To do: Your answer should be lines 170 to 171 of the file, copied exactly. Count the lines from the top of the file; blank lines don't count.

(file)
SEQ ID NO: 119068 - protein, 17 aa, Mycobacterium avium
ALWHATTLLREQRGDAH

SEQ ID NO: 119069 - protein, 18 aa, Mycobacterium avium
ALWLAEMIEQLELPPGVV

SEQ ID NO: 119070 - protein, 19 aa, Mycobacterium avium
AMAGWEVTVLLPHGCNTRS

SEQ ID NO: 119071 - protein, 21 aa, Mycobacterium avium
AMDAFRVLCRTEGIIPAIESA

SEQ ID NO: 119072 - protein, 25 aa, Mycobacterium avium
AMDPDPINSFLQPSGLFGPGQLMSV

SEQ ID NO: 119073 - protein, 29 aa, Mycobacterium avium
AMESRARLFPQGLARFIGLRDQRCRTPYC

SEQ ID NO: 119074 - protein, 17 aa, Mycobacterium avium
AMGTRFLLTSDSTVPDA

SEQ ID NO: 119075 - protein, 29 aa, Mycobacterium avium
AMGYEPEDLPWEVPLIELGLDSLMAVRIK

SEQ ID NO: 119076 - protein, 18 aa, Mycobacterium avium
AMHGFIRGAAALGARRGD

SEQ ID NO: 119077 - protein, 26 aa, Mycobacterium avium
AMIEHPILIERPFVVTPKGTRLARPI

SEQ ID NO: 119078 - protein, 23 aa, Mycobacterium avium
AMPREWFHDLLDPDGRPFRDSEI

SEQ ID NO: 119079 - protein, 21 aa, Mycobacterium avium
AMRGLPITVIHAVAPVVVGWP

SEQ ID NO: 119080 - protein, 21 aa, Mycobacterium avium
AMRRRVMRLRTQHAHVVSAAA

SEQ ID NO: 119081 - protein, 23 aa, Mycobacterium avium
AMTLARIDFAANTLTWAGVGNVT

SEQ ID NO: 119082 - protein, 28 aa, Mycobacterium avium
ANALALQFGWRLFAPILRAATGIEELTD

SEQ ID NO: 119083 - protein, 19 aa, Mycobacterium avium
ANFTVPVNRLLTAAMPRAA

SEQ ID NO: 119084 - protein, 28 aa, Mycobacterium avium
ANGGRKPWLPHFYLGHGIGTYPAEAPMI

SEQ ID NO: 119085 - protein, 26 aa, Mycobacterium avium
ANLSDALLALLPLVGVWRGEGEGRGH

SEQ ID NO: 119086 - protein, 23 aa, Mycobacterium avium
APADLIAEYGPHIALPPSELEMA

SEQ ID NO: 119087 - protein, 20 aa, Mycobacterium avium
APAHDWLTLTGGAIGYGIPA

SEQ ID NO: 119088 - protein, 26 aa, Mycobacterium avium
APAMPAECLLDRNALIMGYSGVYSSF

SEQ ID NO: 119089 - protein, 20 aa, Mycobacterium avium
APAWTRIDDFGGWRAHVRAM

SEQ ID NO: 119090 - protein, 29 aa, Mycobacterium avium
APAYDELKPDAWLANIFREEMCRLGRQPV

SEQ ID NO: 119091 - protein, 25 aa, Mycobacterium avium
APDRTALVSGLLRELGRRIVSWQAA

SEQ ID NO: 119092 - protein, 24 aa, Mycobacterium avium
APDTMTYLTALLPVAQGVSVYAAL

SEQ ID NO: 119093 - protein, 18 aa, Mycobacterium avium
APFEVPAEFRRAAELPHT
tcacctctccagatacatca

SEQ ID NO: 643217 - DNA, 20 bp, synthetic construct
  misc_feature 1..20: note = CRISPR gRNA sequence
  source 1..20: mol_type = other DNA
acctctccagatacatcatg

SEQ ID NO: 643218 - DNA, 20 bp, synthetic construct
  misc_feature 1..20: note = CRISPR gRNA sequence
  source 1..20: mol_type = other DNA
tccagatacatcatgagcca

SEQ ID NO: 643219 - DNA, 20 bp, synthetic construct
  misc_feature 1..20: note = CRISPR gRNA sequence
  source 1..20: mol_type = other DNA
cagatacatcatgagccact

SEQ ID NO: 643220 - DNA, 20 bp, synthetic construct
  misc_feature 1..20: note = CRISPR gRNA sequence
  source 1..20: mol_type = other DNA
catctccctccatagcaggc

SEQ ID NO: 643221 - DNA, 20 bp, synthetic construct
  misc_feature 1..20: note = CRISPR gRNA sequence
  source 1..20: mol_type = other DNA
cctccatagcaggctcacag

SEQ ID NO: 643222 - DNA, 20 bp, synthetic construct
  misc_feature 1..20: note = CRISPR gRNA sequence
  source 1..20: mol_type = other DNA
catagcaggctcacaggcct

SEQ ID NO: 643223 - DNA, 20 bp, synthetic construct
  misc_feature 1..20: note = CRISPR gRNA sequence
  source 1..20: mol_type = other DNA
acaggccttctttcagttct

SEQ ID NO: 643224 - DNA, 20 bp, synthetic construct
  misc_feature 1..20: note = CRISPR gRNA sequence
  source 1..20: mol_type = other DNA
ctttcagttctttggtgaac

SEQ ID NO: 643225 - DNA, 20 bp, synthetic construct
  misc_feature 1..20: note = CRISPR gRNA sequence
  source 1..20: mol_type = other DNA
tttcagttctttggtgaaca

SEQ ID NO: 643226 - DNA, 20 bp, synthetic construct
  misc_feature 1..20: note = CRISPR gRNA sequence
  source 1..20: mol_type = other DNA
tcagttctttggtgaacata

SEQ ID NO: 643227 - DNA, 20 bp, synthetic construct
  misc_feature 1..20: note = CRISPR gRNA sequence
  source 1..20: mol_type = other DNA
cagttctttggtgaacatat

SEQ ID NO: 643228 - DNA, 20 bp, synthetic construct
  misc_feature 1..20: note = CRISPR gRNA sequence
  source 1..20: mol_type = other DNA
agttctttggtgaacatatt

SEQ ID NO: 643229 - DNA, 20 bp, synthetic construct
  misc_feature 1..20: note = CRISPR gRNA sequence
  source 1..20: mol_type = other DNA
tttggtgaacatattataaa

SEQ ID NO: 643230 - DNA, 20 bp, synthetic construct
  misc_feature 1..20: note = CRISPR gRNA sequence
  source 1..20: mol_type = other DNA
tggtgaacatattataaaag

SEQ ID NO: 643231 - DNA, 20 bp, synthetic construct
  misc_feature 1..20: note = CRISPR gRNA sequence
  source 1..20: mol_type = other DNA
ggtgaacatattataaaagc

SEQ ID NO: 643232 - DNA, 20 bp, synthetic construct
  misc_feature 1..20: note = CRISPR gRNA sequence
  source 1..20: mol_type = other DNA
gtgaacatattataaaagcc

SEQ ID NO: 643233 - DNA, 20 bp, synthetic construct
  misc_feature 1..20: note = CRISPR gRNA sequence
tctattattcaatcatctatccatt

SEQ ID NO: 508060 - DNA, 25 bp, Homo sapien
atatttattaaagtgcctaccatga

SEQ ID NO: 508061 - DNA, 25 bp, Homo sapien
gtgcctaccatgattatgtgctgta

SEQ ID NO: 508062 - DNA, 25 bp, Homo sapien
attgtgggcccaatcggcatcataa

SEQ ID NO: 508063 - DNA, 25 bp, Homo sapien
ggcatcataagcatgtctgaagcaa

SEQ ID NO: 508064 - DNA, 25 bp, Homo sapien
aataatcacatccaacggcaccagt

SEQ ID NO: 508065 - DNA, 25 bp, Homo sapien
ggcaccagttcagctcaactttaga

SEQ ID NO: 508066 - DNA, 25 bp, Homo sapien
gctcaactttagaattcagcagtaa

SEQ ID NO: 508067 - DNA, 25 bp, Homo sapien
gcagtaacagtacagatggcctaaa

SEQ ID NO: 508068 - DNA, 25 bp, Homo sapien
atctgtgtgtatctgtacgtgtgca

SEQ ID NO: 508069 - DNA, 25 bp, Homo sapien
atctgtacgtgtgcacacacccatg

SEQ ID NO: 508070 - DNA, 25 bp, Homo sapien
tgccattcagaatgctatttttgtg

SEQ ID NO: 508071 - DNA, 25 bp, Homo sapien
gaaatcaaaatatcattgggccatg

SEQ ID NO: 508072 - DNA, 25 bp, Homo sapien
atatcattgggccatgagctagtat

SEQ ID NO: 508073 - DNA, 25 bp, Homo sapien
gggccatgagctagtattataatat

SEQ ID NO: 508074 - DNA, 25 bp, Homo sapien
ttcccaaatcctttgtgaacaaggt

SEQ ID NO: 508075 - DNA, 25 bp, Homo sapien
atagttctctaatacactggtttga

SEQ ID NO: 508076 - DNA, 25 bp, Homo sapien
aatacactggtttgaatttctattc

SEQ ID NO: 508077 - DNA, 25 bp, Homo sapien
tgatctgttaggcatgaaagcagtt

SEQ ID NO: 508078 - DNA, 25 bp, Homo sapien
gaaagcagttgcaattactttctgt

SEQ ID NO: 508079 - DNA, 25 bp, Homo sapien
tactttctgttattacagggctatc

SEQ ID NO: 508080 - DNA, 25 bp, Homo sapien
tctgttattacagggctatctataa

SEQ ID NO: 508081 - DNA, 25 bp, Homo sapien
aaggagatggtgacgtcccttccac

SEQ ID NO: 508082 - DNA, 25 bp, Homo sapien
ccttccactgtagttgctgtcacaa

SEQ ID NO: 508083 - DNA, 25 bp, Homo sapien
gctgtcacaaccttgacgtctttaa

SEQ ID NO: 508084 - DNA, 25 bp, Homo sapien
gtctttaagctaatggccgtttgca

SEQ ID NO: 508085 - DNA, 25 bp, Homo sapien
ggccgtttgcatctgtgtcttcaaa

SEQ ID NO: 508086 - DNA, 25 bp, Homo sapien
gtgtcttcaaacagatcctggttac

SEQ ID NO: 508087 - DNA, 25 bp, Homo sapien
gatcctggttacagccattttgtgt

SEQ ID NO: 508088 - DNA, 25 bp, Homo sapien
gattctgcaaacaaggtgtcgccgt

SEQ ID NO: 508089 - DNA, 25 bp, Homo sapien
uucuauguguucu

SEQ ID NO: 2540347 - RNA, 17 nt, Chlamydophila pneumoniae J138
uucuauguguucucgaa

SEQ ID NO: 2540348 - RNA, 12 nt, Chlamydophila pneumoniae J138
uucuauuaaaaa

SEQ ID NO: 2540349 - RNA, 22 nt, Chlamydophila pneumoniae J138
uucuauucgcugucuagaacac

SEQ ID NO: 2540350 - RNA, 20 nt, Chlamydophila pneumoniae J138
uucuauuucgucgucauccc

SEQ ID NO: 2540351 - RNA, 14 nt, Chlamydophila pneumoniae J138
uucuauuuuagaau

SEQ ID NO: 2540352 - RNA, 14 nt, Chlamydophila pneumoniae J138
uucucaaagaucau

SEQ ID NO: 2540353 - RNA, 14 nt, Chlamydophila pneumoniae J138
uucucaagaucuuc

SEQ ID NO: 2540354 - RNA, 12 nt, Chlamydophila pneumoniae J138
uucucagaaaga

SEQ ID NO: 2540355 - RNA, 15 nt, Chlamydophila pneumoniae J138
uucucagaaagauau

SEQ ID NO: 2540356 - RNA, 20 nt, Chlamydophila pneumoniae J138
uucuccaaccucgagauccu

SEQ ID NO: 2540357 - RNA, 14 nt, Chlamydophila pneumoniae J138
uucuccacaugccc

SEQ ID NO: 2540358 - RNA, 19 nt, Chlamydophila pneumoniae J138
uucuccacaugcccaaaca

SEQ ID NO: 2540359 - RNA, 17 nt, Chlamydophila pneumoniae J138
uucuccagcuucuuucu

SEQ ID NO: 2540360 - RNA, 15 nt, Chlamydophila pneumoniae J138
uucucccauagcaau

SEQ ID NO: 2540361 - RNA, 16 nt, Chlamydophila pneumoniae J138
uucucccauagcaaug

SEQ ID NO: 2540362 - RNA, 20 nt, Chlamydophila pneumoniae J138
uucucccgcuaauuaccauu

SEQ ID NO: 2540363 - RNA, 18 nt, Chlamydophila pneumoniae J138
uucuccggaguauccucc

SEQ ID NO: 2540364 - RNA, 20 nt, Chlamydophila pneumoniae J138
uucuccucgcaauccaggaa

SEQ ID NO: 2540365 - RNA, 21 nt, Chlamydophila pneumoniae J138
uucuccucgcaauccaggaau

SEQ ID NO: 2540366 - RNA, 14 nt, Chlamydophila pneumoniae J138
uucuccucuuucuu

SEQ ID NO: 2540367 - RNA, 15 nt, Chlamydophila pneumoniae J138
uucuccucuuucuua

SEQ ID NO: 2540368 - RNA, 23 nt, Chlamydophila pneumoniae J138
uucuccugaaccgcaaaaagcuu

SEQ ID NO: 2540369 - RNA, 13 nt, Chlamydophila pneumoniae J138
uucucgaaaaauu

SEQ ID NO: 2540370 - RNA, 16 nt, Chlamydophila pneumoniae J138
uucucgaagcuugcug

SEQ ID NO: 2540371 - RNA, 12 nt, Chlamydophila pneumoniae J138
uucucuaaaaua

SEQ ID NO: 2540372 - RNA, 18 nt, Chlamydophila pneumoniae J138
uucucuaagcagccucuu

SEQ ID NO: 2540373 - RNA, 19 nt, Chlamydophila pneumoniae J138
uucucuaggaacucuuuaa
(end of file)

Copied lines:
gtctttaagctaatggccgtttgca

SEQ ID NO: 508085 - DNA, 25 bp, Homo sapien